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On First Air* of Tenderness of first Red Cat, Barry Garcia wrote:

> >I love those long Spanish names! The typical Argentine town was
> >named things like "San Fernando del Valle de Catamarca" or "Santa
> >Fe de la Vera Cruz de Nuestro Señor Jesucristo" (though more, er,
> >profane names exist, like towns called "Small Beer Pack" and "Large
> >Beer Pack" (I swear I'm not making this up!).
>
> My favorite is the original name for the City of Los Angeles, here in
> California:
>
> "El Pueblo de Nuestra Señora, Reyna de Los Angeles de Porciuncula"(if I
> have it right)
>
Whish has been shortened to just "Ellay".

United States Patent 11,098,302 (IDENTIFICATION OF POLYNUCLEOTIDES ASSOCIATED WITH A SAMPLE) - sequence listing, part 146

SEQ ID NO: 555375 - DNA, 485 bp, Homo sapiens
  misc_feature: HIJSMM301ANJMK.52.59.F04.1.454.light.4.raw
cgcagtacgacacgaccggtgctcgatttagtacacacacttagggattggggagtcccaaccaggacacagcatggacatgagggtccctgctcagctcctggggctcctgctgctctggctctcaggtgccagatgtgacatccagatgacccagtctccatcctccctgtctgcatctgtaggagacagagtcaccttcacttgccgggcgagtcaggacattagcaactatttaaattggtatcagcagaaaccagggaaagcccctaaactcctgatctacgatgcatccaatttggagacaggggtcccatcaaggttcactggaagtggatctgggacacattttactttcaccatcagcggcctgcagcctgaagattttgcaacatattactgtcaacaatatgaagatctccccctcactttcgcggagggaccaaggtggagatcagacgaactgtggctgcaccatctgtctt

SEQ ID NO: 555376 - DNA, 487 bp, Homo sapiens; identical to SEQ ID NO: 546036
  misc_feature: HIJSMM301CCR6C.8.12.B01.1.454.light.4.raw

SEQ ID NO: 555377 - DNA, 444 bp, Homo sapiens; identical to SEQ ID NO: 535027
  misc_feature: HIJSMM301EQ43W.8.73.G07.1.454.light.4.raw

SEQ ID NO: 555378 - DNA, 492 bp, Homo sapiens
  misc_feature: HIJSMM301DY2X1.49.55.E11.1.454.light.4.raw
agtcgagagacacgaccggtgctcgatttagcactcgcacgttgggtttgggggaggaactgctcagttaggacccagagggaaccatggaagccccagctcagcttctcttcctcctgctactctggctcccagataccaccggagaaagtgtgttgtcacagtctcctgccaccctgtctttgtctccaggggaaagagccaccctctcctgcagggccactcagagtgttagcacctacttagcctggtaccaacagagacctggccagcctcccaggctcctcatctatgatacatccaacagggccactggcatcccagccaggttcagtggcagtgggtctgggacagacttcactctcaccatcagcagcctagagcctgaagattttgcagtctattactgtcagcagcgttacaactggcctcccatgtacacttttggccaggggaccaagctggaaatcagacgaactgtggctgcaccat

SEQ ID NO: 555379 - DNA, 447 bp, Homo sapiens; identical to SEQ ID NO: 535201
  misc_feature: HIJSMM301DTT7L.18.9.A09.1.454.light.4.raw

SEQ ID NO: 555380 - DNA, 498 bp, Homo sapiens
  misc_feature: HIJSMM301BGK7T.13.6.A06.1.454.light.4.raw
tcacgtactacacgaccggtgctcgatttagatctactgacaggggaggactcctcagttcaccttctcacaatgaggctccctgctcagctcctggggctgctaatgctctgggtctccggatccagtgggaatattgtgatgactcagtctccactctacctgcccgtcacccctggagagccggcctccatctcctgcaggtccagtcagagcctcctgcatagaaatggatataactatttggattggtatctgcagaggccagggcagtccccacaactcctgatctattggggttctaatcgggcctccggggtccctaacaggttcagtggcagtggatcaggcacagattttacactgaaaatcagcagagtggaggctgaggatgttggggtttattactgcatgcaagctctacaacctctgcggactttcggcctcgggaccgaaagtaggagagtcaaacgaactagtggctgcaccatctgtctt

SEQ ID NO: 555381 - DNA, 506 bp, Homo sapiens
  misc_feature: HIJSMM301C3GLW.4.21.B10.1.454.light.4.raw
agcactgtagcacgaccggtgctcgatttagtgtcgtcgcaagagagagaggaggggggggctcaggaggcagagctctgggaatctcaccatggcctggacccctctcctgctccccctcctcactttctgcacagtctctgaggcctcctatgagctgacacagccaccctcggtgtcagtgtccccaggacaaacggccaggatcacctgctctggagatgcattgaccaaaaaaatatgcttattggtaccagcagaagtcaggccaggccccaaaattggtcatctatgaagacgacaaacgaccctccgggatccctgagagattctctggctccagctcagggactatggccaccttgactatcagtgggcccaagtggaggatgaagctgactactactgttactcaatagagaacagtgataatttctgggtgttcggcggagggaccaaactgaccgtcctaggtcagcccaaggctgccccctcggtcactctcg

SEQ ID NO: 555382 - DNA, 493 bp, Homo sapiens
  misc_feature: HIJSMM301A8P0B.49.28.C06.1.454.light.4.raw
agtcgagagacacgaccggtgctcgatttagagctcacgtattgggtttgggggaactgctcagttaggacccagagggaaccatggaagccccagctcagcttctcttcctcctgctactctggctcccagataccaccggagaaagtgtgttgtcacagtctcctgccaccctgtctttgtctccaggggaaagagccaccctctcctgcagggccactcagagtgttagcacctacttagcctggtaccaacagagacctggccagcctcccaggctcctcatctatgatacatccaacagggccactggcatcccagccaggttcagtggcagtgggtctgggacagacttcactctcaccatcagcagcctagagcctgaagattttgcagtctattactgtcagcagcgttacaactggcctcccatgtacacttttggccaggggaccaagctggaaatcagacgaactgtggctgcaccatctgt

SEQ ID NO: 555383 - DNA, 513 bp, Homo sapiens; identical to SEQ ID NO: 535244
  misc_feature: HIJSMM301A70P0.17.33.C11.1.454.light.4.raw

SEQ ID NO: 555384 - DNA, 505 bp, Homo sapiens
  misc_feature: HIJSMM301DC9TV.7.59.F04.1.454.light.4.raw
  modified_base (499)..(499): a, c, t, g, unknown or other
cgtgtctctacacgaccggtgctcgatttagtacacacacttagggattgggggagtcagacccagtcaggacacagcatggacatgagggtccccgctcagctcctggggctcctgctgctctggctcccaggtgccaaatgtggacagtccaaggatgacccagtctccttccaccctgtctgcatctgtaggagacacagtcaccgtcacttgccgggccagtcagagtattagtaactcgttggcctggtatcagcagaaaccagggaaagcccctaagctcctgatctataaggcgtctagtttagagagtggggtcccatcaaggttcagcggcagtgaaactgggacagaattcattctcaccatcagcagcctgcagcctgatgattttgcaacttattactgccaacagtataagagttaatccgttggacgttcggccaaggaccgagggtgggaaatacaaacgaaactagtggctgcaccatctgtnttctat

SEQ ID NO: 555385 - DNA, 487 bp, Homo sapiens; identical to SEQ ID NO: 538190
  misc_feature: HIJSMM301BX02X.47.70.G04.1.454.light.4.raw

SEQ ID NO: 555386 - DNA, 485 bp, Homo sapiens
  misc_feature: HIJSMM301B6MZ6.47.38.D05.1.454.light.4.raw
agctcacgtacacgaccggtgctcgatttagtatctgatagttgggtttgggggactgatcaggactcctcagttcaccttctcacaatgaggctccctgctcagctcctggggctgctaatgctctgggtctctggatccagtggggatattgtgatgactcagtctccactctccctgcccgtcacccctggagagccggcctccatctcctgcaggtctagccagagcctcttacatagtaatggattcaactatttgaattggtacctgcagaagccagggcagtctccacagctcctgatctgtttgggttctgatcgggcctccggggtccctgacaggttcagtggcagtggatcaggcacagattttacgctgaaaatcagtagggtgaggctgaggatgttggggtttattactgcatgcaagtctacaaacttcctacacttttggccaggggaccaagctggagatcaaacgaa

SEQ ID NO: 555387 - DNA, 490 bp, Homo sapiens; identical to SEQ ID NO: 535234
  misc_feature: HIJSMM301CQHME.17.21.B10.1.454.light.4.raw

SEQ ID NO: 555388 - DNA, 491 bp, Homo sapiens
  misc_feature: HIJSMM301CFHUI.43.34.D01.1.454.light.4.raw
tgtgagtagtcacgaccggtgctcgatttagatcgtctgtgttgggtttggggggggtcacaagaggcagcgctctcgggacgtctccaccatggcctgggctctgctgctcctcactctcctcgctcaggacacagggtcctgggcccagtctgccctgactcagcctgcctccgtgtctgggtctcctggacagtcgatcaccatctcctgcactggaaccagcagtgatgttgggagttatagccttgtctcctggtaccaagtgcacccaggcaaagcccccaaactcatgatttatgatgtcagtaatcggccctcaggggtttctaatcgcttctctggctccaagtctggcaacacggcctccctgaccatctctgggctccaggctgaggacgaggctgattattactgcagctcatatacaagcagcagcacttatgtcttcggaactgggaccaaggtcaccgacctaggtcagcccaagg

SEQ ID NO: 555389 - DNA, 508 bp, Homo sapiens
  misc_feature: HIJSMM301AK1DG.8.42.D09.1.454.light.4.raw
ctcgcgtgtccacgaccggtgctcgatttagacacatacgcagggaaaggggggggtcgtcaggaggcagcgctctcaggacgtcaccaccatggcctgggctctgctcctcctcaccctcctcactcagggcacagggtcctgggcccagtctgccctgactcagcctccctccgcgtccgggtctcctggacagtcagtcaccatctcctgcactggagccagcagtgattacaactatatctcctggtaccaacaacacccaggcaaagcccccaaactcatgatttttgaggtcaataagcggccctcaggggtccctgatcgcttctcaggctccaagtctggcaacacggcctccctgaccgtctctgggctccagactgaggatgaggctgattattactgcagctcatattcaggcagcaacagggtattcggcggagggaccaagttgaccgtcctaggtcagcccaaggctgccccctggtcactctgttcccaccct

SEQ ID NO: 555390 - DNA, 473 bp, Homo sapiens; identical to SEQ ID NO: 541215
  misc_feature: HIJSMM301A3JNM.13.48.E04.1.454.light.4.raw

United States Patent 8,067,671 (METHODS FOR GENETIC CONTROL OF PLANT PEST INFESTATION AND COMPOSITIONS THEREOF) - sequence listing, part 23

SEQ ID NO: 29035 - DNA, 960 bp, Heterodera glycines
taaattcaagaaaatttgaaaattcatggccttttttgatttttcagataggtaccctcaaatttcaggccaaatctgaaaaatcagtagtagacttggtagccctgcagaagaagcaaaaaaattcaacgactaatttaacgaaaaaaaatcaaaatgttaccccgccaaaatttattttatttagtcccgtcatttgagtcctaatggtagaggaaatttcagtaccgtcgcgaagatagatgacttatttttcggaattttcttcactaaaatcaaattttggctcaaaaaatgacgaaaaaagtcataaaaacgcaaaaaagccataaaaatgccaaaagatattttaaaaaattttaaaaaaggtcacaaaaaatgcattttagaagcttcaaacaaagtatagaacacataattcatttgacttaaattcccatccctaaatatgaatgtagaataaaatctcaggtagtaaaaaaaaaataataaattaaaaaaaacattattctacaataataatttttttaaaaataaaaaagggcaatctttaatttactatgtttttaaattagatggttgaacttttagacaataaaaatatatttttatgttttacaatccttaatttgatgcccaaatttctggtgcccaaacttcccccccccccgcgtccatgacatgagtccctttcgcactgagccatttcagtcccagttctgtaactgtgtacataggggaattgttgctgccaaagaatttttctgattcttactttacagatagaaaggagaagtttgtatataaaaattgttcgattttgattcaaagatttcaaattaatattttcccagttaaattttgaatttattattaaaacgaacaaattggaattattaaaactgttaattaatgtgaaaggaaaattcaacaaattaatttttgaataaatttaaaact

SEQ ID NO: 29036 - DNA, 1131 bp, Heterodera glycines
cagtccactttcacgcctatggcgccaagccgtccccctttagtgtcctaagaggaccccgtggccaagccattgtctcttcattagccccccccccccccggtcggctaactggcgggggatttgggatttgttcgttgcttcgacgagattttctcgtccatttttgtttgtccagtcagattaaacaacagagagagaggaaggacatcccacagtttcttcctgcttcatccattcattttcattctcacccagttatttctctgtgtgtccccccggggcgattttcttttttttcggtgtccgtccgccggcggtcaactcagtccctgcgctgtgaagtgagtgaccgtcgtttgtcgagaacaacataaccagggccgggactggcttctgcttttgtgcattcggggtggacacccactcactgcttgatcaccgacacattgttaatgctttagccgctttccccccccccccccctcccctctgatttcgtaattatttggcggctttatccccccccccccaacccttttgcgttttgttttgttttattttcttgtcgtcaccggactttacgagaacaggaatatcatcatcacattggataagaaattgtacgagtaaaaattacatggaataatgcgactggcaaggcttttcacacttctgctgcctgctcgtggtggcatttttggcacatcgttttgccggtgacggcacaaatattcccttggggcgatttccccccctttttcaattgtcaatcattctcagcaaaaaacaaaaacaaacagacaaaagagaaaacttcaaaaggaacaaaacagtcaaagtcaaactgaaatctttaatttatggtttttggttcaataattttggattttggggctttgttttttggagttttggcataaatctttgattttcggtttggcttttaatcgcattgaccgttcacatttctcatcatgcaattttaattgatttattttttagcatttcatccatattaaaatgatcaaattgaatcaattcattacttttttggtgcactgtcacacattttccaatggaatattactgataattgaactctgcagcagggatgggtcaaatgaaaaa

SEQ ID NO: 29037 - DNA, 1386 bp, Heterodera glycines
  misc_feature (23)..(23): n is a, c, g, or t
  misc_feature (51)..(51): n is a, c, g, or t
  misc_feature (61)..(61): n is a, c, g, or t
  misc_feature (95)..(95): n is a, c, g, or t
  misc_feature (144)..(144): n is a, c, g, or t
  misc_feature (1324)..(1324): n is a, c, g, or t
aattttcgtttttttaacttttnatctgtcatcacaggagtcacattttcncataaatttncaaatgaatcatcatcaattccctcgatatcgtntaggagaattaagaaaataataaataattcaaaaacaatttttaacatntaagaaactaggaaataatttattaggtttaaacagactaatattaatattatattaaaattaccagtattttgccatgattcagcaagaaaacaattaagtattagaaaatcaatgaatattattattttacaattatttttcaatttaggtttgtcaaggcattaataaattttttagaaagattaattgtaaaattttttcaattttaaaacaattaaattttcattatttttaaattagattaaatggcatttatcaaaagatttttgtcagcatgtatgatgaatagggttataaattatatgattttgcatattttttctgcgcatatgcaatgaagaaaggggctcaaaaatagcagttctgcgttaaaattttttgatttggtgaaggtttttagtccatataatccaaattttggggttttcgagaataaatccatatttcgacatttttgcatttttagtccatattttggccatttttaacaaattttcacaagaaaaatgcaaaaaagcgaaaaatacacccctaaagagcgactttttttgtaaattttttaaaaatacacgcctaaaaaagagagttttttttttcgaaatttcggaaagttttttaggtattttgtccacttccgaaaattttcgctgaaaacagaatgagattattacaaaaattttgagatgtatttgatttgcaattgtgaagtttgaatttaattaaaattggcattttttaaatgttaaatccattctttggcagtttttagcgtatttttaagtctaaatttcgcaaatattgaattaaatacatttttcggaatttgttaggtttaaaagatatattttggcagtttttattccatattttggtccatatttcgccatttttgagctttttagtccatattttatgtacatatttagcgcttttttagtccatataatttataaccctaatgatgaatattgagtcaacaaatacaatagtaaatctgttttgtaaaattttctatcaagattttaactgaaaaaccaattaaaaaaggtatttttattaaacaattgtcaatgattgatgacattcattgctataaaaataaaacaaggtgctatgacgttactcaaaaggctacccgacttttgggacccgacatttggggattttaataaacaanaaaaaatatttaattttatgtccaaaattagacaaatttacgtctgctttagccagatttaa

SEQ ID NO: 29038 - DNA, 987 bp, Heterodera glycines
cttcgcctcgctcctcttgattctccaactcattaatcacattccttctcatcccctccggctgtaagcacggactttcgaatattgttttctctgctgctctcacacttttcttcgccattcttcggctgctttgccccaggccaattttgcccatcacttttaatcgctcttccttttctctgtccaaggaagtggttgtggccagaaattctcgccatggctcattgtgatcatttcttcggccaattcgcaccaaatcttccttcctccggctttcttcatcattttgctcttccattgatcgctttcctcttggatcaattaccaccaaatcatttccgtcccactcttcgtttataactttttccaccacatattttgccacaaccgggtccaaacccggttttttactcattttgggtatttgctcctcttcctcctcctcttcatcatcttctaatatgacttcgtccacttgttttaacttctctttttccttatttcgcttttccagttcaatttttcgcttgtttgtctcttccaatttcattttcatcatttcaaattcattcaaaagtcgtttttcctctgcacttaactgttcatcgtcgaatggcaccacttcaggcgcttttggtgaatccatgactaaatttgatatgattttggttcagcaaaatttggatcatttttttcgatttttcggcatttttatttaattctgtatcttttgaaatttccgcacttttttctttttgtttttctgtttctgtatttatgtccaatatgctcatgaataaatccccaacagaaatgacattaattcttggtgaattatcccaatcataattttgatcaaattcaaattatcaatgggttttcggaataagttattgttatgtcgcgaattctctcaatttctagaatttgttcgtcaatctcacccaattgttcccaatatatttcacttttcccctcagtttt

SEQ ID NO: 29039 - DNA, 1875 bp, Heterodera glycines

My own city was officially founded on the name of "Santa Fe", but since
there were many Santa Fes around, people used the name of the plateau:
"Bogotá", therefrom "Santa Fe de Bogotá".

Then the king of Spain rename it to
  La Muy Noble y Muy Leal Ciudad de Santa Fe

Which made Bogotá one of the few towns in Colombia with the official title
of "Ciudad", while most others are officially "Villas".

After Colombia's emancipation, the new republican goverment rename the city
into "Bogotá", and a small town that was then called "Bogotá" (Originally
and Inian village), had to change the name into "Funza" (another Chibcha
name).  The Archidiosesis hold the name of "Santa Fe de Bogotá".

In 1991, the name was changed again into "Santafé de Bogotá".

Personally I prefere shorter names, then my city is just Bogotá for me.

ObConculture
  Spaniards founded a town where Bogotá were founded in OTL.  And they also
used the Spanish name of Santa Fe.  The town is now called Zângtàvê in
Hangkerimce but it has still an important population of Criollos.

-- Carlos Th